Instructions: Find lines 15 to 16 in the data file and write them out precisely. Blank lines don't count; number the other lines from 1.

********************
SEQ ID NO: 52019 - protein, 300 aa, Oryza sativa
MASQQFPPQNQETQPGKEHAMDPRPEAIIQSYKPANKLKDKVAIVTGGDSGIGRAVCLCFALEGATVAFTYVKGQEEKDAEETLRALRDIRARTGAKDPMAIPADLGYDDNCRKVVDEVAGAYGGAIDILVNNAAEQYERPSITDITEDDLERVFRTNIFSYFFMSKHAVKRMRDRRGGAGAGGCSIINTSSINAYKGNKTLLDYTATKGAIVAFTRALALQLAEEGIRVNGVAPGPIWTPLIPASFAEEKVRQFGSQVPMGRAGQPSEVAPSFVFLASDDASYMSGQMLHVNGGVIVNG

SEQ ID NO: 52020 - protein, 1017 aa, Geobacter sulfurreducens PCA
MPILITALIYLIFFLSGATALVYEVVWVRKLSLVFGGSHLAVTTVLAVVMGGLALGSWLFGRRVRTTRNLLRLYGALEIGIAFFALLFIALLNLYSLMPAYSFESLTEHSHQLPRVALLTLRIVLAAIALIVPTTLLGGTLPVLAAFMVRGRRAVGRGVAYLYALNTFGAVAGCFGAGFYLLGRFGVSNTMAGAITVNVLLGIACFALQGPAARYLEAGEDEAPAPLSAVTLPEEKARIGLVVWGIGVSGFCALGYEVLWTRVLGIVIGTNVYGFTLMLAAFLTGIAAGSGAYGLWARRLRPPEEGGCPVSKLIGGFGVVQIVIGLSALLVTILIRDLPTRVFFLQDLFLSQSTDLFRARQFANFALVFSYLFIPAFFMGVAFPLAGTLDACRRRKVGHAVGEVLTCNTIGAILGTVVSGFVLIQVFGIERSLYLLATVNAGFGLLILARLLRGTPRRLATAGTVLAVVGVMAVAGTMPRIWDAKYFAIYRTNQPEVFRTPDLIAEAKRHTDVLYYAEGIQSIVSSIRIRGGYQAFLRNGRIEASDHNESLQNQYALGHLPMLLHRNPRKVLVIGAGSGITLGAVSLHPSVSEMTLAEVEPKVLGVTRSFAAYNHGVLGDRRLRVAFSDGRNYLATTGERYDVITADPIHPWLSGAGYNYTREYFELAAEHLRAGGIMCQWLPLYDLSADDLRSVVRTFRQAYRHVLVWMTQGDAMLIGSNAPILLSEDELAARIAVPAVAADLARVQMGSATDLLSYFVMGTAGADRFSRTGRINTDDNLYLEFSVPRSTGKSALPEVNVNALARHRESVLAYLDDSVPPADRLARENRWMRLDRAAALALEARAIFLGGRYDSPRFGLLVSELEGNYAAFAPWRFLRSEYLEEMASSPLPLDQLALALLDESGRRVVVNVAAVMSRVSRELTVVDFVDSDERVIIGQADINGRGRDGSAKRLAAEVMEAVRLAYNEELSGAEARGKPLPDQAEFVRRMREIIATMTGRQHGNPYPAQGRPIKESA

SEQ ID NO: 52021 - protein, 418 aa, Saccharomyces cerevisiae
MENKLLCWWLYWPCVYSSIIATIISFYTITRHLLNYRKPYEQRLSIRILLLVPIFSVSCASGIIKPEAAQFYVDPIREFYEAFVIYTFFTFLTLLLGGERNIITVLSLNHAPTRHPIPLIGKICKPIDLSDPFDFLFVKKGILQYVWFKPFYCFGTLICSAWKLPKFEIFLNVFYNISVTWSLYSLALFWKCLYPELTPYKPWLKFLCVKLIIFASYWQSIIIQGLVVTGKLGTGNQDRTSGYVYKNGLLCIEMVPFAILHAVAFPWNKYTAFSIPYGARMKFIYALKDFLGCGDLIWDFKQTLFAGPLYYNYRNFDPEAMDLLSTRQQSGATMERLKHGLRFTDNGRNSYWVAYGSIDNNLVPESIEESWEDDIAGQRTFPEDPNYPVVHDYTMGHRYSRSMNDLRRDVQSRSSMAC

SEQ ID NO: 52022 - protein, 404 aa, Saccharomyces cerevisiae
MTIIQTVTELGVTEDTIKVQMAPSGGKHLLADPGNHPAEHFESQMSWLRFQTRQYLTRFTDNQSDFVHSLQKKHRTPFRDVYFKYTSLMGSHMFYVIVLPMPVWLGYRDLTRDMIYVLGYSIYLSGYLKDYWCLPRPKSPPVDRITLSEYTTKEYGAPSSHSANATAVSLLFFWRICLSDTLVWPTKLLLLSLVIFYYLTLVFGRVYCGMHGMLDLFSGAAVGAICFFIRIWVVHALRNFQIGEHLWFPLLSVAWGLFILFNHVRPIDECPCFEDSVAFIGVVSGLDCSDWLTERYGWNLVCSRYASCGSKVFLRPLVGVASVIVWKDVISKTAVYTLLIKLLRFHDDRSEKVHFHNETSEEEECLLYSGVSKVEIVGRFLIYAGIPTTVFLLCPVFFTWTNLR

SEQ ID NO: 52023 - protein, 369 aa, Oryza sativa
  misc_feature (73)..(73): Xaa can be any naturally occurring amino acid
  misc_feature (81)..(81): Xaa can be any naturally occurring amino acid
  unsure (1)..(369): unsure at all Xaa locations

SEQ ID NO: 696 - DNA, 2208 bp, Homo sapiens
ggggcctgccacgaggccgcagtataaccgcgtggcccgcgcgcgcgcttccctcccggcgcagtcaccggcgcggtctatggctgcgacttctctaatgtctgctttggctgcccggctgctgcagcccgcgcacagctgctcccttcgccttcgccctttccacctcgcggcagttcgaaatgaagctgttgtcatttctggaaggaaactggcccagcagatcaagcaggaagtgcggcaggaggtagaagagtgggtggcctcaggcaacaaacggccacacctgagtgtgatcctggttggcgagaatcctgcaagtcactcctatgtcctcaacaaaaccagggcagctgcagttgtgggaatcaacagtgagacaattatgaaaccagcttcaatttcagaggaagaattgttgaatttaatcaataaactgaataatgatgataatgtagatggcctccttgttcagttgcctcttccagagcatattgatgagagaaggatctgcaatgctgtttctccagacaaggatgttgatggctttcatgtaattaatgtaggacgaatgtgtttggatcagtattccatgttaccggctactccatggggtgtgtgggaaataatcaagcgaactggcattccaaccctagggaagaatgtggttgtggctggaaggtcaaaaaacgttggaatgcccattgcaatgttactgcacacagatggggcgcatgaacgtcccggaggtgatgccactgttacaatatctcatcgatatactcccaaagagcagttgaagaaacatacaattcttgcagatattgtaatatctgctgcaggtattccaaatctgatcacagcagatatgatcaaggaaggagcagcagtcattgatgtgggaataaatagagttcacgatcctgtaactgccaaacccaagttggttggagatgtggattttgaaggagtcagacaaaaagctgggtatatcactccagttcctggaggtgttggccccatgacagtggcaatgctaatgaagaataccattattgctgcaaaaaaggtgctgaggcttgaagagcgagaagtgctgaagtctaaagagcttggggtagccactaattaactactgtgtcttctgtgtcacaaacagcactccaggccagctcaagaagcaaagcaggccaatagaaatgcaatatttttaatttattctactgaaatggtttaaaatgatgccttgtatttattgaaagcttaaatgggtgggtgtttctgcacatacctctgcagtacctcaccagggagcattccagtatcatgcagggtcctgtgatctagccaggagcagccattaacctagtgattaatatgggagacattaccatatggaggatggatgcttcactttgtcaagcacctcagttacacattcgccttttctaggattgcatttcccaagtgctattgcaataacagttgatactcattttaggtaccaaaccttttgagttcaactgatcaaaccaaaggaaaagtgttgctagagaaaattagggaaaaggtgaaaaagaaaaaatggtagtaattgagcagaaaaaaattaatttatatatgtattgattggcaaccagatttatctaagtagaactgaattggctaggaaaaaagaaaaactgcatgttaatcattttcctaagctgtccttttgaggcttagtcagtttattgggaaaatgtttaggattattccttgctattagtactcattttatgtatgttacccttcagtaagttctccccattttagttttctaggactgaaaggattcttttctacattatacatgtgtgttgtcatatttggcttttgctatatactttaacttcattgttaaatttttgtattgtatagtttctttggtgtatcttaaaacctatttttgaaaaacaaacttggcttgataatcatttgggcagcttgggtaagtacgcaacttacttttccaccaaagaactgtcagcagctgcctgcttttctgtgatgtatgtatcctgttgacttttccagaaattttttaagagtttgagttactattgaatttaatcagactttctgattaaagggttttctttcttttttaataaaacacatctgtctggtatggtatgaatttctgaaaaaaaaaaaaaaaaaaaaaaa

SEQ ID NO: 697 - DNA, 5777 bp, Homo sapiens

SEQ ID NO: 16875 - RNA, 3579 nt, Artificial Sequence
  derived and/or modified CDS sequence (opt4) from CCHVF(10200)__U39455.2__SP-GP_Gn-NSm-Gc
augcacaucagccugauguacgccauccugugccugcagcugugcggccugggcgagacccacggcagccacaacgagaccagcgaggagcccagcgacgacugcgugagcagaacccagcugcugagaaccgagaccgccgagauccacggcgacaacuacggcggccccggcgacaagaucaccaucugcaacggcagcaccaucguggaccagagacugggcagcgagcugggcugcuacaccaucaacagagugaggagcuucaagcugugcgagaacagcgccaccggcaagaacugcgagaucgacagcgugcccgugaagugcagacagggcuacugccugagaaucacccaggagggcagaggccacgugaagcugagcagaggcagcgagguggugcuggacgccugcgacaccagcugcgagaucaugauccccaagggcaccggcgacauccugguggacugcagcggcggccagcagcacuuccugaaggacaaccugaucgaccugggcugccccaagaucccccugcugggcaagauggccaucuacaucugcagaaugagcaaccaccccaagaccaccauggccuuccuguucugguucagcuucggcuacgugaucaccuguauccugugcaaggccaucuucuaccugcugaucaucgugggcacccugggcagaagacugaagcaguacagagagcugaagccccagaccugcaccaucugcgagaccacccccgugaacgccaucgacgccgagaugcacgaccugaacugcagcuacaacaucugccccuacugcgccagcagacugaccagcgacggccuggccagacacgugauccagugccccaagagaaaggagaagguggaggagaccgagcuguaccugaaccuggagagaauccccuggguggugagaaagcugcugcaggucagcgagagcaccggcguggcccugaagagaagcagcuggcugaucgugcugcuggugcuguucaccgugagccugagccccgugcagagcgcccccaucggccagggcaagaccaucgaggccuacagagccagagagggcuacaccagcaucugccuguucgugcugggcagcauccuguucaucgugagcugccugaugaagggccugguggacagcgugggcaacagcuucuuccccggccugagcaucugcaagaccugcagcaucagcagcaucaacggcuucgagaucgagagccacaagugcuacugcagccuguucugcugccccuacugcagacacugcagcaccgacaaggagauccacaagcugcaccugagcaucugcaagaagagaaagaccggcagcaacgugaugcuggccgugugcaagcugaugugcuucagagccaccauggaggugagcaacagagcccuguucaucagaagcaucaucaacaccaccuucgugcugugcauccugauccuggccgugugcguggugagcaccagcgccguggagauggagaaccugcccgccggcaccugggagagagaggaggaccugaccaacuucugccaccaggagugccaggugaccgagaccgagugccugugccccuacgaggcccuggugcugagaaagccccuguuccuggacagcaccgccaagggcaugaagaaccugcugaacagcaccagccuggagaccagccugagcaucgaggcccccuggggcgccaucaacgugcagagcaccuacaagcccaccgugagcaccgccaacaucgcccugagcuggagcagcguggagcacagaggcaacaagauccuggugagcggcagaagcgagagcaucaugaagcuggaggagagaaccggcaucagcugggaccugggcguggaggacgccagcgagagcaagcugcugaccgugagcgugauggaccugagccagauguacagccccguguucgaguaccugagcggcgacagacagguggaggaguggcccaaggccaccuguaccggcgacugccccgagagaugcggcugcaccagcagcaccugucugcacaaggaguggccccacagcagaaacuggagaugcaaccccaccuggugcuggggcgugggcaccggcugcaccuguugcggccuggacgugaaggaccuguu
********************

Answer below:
SEQ ID NO: 697 - DNA, 5777 bp, Homo sapiens

SEQ ID NO: 16875 - RNA, 3579 nt, Artificial Sequence